This article throws light upon the seven main steps taken by managers in the management of change in an organisation. The steps are: 1. Perceive a Situation for Change 2. Analyse the Existing Situation 3. Prepare a Plan for Change 4. Try the Plan 5. Overcome Resistance to Change 6. Implement the Change 7. Monitor or Review the Change.

Step # 1. Perceive a Situation for Change:

Every organisation has objectives framed for the organisation, departments and divisions. To achieve these objectives, managers should perform better than competitors and to do so, they constantly need to scan the external environment, find threats and opportunities, link them with organisation’s strengths and weaknesses (that is, carry out a SWOT analysis), review their policies and performance periodically (monthly, quarterly or half-yearly) and, if required, modify the organisation structure and policies.

The first step in the management of change, therefore, is to feel the need for change, which is defined by the organisation’s desire to move from the existing situation (or equilibrium) to the desired situation (or equilibrium).

Step # 2. Analyse the Existing Situation:

It analyses the gap between the existing situation and the desired situation. The desire to reach a new state of equilibrium requires analysis of the existing goals, structure, technology and people. This is done by conducting a gap analysis, that is, gap between the current state and the desired state.


Gap between what an organisation has and what it wants to achieve is filled by making the most desired changes in its structure, technology or people. A careful analysis of the existing structure and its comparison with the planned situation helps in identifying the type of change to be made (structural, technological or people).

A well-conceived plan for making a change does not produce resistance. Instead, it is supported by the members with a positive approach towards change. If the organisation is reporting low sales, the problem may be with the sales staff and not the product or the organisation design. Changes, therefore, have to be brought in people. It is very important to know the element to be changed otherwise, change may prove to be very costly.

Step # 3. Prepare a Plan for Change:

When managers feel the need for change, they prepare a plan for initiating the change. The kind of changes to be made in the organisation structure, authority-responsibility relationships, policies, procedures, standards, market operations and people help to make plan for the change.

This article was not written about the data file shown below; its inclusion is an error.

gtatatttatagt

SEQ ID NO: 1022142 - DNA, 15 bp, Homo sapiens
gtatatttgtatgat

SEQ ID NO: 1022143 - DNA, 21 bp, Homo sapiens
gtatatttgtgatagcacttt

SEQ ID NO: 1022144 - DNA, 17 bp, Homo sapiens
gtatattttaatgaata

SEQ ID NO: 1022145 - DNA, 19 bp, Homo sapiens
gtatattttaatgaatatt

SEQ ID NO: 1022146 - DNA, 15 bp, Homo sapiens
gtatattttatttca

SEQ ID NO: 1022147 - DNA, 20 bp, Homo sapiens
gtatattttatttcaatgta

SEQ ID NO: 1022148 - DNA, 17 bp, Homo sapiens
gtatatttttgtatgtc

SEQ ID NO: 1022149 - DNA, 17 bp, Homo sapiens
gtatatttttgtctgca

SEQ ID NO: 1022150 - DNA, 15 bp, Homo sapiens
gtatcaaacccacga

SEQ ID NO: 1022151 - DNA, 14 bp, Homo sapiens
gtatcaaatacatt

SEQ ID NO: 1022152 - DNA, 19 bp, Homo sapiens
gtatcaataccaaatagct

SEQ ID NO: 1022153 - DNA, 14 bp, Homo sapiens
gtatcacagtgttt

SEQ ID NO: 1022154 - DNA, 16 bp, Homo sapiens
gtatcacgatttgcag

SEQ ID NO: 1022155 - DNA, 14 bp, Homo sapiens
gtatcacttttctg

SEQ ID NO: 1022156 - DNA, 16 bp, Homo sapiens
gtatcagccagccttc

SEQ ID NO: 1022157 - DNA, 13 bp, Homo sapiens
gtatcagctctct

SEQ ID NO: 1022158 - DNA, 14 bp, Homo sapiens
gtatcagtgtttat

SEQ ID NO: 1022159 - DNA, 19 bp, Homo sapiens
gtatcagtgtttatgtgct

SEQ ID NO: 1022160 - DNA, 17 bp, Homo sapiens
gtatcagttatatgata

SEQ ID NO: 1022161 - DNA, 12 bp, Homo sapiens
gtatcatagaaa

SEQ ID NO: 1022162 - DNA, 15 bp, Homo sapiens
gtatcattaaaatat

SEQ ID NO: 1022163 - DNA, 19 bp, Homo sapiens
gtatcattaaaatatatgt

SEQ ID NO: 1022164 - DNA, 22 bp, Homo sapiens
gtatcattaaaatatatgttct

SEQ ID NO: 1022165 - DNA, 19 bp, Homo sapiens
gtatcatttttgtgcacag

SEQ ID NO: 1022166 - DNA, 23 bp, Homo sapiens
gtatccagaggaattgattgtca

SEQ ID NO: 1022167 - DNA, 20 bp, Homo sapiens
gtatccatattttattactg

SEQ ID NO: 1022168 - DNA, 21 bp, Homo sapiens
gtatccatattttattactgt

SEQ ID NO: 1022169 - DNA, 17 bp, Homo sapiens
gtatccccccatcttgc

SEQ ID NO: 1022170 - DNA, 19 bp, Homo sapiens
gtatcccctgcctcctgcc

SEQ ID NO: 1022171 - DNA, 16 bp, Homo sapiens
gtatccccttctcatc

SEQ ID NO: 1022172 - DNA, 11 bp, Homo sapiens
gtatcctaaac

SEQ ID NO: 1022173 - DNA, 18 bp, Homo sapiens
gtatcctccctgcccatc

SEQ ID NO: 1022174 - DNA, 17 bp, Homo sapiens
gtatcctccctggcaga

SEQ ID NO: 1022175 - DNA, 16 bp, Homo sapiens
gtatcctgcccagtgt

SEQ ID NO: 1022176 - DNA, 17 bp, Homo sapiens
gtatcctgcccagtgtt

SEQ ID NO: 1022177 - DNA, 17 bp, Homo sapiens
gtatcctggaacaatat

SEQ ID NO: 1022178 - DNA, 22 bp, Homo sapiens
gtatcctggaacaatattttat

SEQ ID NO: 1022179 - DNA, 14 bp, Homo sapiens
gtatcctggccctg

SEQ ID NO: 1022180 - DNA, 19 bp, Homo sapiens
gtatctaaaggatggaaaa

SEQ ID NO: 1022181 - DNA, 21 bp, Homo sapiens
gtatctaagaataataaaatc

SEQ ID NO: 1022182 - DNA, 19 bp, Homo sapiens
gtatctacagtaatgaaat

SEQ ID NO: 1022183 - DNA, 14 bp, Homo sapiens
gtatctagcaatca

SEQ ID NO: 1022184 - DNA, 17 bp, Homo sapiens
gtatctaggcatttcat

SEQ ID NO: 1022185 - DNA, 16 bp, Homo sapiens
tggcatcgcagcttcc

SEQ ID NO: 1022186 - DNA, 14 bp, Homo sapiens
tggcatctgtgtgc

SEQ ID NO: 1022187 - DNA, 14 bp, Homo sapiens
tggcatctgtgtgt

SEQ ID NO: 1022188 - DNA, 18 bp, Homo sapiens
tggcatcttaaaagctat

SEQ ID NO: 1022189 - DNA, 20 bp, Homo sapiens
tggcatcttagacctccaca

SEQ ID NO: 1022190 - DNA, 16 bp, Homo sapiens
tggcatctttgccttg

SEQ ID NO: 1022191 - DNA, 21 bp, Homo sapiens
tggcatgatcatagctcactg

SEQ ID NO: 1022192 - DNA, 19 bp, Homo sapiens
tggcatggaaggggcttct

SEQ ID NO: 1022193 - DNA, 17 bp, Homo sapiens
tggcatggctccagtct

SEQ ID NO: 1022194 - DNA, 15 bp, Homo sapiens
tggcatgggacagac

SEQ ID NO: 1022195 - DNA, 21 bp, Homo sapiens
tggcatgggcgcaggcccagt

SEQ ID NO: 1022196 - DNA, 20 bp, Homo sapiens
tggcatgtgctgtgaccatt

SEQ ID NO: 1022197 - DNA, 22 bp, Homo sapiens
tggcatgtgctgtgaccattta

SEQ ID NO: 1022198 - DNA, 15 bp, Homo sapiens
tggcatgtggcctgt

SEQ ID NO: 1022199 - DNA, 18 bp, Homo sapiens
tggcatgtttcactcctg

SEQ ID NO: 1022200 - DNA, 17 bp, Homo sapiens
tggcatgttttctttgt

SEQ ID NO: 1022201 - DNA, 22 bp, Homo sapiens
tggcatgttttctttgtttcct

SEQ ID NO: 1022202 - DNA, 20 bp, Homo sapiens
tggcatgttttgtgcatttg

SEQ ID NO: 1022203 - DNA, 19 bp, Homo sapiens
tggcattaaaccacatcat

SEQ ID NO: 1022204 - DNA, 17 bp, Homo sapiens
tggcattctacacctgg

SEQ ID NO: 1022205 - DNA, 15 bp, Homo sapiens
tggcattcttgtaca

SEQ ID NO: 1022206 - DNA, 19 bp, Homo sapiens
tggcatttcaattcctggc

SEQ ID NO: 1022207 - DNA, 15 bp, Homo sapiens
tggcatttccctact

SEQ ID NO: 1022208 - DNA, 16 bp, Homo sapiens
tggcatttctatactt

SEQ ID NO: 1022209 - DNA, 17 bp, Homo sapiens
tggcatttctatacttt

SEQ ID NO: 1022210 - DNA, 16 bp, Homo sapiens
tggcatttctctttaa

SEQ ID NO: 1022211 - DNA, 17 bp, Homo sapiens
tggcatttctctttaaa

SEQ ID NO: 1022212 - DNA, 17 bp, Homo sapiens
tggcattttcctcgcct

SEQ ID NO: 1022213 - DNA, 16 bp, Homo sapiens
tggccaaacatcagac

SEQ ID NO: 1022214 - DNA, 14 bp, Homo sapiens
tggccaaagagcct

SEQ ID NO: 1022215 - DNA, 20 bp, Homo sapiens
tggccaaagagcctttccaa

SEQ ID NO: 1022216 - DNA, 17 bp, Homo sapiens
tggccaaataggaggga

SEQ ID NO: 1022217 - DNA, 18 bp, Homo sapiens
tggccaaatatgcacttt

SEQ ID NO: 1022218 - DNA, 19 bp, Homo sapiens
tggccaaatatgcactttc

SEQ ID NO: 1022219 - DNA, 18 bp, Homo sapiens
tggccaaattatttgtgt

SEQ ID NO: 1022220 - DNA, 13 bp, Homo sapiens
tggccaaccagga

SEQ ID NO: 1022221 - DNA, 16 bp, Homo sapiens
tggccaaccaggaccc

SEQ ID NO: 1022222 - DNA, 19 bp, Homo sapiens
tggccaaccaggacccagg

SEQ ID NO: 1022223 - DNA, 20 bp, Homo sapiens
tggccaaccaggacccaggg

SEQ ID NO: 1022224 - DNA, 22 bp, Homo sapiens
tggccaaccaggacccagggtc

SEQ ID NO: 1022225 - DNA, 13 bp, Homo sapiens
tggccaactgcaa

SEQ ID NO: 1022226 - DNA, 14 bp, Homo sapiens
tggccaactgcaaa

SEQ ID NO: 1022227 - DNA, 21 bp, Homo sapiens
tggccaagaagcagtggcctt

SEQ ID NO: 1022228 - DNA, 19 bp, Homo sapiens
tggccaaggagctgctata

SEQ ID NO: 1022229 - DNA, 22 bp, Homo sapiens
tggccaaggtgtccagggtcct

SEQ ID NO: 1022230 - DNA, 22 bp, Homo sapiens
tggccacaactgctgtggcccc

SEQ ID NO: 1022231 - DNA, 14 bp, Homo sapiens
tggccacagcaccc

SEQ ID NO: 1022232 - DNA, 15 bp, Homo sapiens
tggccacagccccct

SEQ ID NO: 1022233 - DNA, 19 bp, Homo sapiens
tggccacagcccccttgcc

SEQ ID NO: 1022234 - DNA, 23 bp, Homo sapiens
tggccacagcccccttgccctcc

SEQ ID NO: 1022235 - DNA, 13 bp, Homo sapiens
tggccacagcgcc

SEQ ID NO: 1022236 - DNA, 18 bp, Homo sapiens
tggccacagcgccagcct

Preparing plans for change offers many advantages to the organisation:


(a) Change can be implemented in a systematic manner.

(b) People participate in the change process rather than resist the change.

(c) Communication improves amongst organisational members.

(d) Capital resources are optimally utilised.


(e) All departments coordinate their activities towards the proposed change.

(f) Details on who will be the change agent, (managers or outside agency), what will be the methodology for implementing the change, what is the right time to initiate the change, can be worked in advance.

(g) Future requirements of jobs in the new structure, people needed to work on those jobs, training programmes to improve their potential can be well designed.

Step # 4. Try the Plan:

Resources committed in the change plan cannot be easily reversed. A pilot run of the plan should, therefore, be made by the organisation (on a functional area or a product division) and if it is successful in one unit, it should be implemented in the entire organisation. Problem in the pilot run or pretesting of the plan should be corrected before the total change plan is implemented.

Step # 5. Overcome Resistance to Change:


Change may be resisted as it involves rearrangement of people and resources. There is fear of insecurity, discontentment, loss of social interactions, position or status amongst members. Managers overcome the resistance so that people willingly accept the change.

They promote the driving forces to overcome the restraining forces to change. This will ease the process of transition or change from present situation to the ideal situation.

Step # 6. Implement the Change:

It implies that change process is put into operation. Resources are committed to functional areas, new authority-responsibility relationships are established, people are trained and placed at respective jobs, sound communication system is designed and other operative and administrative arrangements are made.

Managers pass information to people at different levels and clarify their doubts on the proposed change. How effectively the change is planned determines how effectively it is implemented.

Step # 7. Monitor or Review the Change:


A successfully planned and implemented change may not bring the desired results. The change process should, therefore, be regularly monitored and reviewed to analyse the effects of change. Discrepancies or deviations should be brought to the notice of managers and corrective action should be taken to smoothen the process of change.

Observing the level of production, profits and behaviour of employees towards the changed structure at frequent and regular intervals provides timely feedback about successful implementation of change.